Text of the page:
Think of Ventulus, the latin word for breeze, which comes from ventus, the wind and venti were the deities which ruled over them. In ancient Greek mythology there were four main wind gods, each with a specific cardinal direction, the classical compass winds, associated with separate seasons and weather conditions.

Orientation is essential to get the best of ventilation into buildings and if you know your local winds and which ones are predominant and at what time of the year they prevail, this will help decide which type of ventilation will be propitious to your site.

Traditionally, in the northern hemisphere, the north wind brings the cold and is associated with winter; the south wind brings storms after midsummer and is associated with disasters to crops; the east wind is associated with mild rain; and the west wind, associated with the springtime, brings life to the earth after the cold of winter.

Aristotle drew his wind rose with each point associated with a deity and we still use them today for our compass – 8 cardinal and half cardinals or collateral points and 8 sub-collateral or quarter points.


Image source: Portuguese hand-painted tiles, 17th century,

Once you are familiar with your local winds, it is then easier to determine how to best make use of them.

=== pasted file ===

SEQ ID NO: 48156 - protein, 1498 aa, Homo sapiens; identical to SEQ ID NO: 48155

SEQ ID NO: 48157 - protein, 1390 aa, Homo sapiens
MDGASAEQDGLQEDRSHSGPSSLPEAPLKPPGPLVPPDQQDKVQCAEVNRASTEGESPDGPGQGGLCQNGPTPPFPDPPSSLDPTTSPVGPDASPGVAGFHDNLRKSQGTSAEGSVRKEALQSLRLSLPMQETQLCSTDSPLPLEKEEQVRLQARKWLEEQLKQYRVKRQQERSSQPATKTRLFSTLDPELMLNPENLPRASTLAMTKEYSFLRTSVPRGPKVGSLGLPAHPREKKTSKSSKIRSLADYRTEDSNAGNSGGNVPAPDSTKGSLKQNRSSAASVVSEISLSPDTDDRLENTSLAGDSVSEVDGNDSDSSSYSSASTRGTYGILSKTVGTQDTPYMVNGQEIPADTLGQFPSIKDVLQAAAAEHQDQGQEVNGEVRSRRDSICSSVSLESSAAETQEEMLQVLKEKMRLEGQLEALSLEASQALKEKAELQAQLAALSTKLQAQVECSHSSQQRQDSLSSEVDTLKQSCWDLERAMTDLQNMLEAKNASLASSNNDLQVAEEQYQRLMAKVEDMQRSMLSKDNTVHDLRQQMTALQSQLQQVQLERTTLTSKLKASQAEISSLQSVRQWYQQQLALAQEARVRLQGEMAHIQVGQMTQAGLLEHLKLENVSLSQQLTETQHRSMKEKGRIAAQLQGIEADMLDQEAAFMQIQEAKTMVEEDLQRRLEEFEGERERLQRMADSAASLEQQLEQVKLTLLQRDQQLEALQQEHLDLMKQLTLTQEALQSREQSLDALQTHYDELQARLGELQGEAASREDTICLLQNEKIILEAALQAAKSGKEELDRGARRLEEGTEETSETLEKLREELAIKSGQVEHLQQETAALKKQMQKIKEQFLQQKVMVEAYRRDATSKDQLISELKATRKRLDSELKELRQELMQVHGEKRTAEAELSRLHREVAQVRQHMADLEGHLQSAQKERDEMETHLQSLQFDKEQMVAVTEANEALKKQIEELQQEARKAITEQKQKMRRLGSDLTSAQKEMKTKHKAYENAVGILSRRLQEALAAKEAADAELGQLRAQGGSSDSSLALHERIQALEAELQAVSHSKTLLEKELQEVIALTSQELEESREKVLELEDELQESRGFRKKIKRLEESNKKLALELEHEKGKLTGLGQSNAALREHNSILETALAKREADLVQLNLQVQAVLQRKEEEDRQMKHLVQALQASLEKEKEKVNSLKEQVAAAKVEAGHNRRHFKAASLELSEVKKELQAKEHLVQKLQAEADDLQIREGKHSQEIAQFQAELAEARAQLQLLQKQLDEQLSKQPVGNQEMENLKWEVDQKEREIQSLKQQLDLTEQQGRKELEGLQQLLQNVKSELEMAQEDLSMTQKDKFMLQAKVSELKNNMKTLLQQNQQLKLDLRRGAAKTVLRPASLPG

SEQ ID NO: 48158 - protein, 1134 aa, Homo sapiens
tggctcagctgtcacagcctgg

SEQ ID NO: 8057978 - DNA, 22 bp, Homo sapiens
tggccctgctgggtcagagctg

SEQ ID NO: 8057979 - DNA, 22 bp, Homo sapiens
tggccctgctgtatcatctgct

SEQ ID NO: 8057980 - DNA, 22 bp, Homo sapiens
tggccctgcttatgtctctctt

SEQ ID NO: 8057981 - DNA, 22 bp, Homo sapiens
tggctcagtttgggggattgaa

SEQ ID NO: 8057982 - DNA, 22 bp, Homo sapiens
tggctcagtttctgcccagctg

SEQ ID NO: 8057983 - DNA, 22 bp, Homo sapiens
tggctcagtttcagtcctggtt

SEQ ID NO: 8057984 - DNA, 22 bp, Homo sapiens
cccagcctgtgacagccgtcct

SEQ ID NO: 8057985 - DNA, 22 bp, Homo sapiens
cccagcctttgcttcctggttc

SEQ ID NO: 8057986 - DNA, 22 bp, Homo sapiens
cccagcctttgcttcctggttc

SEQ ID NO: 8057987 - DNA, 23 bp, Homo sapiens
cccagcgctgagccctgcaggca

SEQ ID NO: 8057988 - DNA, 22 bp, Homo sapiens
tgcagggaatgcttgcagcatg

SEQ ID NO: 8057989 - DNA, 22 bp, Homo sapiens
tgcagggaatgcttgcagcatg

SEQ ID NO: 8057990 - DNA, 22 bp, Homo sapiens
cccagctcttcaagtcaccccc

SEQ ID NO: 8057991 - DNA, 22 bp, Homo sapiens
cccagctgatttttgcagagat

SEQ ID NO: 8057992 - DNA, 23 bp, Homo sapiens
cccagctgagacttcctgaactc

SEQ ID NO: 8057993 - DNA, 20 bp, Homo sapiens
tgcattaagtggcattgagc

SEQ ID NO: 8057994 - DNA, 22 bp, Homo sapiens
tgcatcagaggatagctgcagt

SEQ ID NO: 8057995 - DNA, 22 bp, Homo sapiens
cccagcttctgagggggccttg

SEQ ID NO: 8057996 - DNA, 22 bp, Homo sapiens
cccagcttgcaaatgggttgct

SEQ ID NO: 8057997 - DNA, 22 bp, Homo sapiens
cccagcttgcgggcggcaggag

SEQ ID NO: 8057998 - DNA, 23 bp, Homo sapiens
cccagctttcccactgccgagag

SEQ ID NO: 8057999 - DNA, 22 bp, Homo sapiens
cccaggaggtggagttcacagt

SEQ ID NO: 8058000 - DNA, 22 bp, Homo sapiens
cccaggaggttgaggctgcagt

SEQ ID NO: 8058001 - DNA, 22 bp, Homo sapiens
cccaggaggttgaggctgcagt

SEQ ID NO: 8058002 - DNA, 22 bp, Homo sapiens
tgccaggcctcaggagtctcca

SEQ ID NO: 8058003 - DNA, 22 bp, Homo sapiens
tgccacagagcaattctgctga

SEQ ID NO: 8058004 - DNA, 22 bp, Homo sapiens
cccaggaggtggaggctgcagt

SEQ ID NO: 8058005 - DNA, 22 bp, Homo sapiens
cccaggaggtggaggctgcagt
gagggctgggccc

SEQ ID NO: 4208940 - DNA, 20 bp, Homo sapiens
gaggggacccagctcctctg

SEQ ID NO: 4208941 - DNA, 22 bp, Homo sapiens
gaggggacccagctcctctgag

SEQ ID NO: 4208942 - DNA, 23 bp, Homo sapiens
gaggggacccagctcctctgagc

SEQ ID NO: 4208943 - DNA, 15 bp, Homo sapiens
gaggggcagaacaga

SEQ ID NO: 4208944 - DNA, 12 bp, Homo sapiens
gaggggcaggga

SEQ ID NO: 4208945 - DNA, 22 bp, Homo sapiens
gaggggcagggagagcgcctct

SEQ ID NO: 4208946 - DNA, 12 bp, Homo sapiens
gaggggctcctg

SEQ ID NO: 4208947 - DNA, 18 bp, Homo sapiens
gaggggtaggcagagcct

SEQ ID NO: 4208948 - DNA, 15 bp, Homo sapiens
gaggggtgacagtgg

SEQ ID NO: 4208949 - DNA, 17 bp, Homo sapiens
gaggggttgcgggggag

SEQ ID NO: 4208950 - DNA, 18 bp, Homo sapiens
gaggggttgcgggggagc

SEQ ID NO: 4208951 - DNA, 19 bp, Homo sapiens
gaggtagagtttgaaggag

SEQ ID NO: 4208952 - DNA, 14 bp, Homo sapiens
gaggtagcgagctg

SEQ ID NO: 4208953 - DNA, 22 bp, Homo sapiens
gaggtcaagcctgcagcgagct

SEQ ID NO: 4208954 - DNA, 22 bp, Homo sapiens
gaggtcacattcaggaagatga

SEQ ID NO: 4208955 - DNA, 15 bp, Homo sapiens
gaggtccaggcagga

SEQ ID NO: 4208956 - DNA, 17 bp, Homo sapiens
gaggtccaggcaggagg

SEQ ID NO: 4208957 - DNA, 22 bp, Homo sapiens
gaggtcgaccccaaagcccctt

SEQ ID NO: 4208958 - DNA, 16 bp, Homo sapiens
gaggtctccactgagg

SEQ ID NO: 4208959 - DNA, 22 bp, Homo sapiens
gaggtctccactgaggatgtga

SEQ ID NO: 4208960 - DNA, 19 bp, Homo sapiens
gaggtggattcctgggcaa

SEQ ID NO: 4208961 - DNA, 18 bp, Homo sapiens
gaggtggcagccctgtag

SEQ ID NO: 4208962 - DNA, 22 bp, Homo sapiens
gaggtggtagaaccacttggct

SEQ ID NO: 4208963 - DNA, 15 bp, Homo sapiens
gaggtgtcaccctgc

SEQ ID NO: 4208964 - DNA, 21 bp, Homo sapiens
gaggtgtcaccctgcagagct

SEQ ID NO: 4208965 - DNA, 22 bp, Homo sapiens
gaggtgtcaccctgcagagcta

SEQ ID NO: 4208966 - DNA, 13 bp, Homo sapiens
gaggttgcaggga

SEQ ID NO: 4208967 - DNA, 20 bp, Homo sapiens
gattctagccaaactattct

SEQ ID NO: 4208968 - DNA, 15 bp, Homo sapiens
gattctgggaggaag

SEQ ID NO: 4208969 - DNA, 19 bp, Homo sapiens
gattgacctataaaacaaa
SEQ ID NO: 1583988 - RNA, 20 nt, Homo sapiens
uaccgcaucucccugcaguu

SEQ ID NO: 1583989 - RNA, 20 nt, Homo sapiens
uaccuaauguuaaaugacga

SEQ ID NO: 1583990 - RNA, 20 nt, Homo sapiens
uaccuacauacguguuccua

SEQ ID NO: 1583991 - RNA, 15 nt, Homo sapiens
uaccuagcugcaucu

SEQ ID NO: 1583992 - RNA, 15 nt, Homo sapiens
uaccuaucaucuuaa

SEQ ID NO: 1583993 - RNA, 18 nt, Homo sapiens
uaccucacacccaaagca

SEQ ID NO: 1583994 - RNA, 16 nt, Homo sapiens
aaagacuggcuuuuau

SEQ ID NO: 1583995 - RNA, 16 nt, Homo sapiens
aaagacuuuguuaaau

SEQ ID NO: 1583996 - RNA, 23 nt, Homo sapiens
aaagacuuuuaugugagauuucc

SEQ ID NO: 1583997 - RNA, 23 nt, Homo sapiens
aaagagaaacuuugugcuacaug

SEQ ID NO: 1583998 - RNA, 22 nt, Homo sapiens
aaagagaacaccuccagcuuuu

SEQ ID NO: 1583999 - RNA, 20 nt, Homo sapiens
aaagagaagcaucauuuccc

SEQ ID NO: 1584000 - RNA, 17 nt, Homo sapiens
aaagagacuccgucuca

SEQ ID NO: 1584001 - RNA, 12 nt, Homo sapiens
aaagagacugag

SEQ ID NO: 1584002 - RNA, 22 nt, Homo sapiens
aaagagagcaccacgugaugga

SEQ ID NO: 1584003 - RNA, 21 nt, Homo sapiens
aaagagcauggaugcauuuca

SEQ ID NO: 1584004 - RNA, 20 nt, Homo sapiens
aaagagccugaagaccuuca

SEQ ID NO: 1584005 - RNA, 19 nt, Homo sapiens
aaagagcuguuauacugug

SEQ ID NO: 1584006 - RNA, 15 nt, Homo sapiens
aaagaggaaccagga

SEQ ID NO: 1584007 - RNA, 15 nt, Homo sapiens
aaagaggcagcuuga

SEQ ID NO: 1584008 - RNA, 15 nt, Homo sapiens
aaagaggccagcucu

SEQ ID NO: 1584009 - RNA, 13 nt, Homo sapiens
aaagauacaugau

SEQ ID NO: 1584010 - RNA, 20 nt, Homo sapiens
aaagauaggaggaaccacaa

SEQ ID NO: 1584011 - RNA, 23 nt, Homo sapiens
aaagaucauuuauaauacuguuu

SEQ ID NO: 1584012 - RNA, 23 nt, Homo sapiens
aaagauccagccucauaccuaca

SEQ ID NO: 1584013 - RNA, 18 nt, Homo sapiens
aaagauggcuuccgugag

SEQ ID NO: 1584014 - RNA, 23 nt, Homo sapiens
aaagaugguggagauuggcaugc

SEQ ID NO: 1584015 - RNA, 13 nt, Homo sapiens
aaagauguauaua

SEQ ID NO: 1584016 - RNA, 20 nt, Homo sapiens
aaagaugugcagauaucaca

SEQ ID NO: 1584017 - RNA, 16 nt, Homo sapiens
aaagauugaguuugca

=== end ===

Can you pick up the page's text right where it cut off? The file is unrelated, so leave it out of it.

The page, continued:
Prevailing winds are often welcome during one season and you may let them into your building[1] but then they turn pernicious in another season and you may want them out.

It is important therefore to think of ways in which you can allow them in, such as openable windows, grates or even chimneys and at the same time find ways in which to shut them out, such as external shutters.

Whether you capture air into your building through roofs, walls or under floors, the choice has to be a conscious one – only then will you be able to take most advantage of all the variables in the equation of air intake versus air quality and the improvement of indoor comfort conditions.

The message from all this is: know your winds before starting to plan your buildings and gardens.

By Silvia Pelham

[1] Such as cool north winds in summer